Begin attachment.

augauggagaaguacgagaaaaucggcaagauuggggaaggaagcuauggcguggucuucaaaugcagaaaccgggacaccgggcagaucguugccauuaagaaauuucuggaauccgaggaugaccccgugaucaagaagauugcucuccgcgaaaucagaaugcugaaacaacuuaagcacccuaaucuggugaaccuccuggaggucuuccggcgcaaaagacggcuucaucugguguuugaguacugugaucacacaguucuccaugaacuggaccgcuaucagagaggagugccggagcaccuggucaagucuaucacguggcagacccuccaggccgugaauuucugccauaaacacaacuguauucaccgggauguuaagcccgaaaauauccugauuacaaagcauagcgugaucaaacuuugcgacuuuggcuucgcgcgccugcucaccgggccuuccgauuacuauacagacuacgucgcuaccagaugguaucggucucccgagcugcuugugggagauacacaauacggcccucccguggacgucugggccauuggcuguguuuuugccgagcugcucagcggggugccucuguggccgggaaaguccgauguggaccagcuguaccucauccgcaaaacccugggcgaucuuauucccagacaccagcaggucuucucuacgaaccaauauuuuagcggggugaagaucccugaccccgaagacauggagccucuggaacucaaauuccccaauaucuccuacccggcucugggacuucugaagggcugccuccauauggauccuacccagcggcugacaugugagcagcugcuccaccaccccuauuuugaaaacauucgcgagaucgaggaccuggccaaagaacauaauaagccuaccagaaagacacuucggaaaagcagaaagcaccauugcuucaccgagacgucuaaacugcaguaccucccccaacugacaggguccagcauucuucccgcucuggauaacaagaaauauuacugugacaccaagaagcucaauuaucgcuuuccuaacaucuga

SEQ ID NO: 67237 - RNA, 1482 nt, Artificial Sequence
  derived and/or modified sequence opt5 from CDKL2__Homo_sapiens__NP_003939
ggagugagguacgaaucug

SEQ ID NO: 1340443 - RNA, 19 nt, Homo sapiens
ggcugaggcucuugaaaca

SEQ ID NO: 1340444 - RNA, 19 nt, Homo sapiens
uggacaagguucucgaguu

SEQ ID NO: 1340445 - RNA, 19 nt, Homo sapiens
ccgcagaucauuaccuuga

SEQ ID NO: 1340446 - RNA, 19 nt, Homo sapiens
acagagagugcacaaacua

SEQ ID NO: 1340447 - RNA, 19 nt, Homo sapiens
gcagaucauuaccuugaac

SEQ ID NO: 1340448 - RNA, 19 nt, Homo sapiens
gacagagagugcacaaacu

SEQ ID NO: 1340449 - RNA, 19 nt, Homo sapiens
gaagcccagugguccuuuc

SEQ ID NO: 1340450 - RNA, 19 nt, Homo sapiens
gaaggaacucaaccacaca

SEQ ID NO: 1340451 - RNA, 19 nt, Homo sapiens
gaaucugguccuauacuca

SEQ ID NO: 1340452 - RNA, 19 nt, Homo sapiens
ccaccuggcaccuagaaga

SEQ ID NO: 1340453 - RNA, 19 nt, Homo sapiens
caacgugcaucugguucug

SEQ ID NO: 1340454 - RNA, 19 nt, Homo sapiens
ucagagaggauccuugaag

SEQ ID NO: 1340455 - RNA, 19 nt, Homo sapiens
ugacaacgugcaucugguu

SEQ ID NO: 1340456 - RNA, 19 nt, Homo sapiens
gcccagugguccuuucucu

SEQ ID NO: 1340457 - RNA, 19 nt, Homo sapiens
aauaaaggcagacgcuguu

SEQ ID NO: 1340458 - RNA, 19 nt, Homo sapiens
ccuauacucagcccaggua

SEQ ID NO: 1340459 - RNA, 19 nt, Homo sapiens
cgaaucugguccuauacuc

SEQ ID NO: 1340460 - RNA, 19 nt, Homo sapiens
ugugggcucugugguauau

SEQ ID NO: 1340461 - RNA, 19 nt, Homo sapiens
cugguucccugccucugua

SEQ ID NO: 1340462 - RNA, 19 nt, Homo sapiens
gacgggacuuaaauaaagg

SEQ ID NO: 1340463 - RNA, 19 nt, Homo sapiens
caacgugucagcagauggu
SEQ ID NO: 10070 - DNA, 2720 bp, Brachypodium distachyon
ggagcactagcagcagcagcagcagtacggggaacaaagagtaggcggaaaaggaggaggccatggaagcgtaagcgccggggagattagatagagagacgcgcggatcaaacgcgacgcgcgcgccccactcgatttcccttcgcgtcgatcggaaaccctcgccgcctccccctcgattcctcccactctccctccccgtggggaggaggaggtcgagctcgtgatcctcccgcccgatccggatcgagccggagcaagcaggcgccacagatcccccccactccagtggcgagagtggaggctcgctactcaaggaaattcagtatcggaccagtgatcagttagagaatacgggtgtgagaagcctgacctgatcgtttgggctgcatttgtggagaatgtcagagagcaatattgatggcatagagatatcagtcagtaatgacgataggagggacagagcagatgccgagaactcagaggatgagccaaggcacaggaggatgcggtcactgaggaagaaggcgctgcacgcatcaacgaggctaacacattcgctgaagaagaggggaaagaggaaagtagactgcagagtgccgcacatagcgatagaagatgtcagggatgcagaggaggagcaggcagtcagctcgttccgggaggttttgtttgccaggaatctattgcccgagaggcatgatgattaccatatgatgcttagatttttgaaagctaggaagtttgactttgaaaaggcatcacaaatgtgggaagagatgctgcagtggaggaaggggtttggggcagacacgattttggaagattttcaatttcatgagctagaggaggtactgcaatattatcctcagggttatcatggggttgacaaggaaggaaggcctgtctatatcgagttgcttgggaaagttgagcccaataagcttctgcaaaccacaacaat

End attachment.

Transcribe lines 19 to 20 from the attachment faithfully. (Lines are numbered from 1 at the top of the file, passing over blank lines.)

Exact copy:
SEQ ID NO: 1340450 - RNA, 19 nt, Homo sapiens
gaaggaacucaaccacaca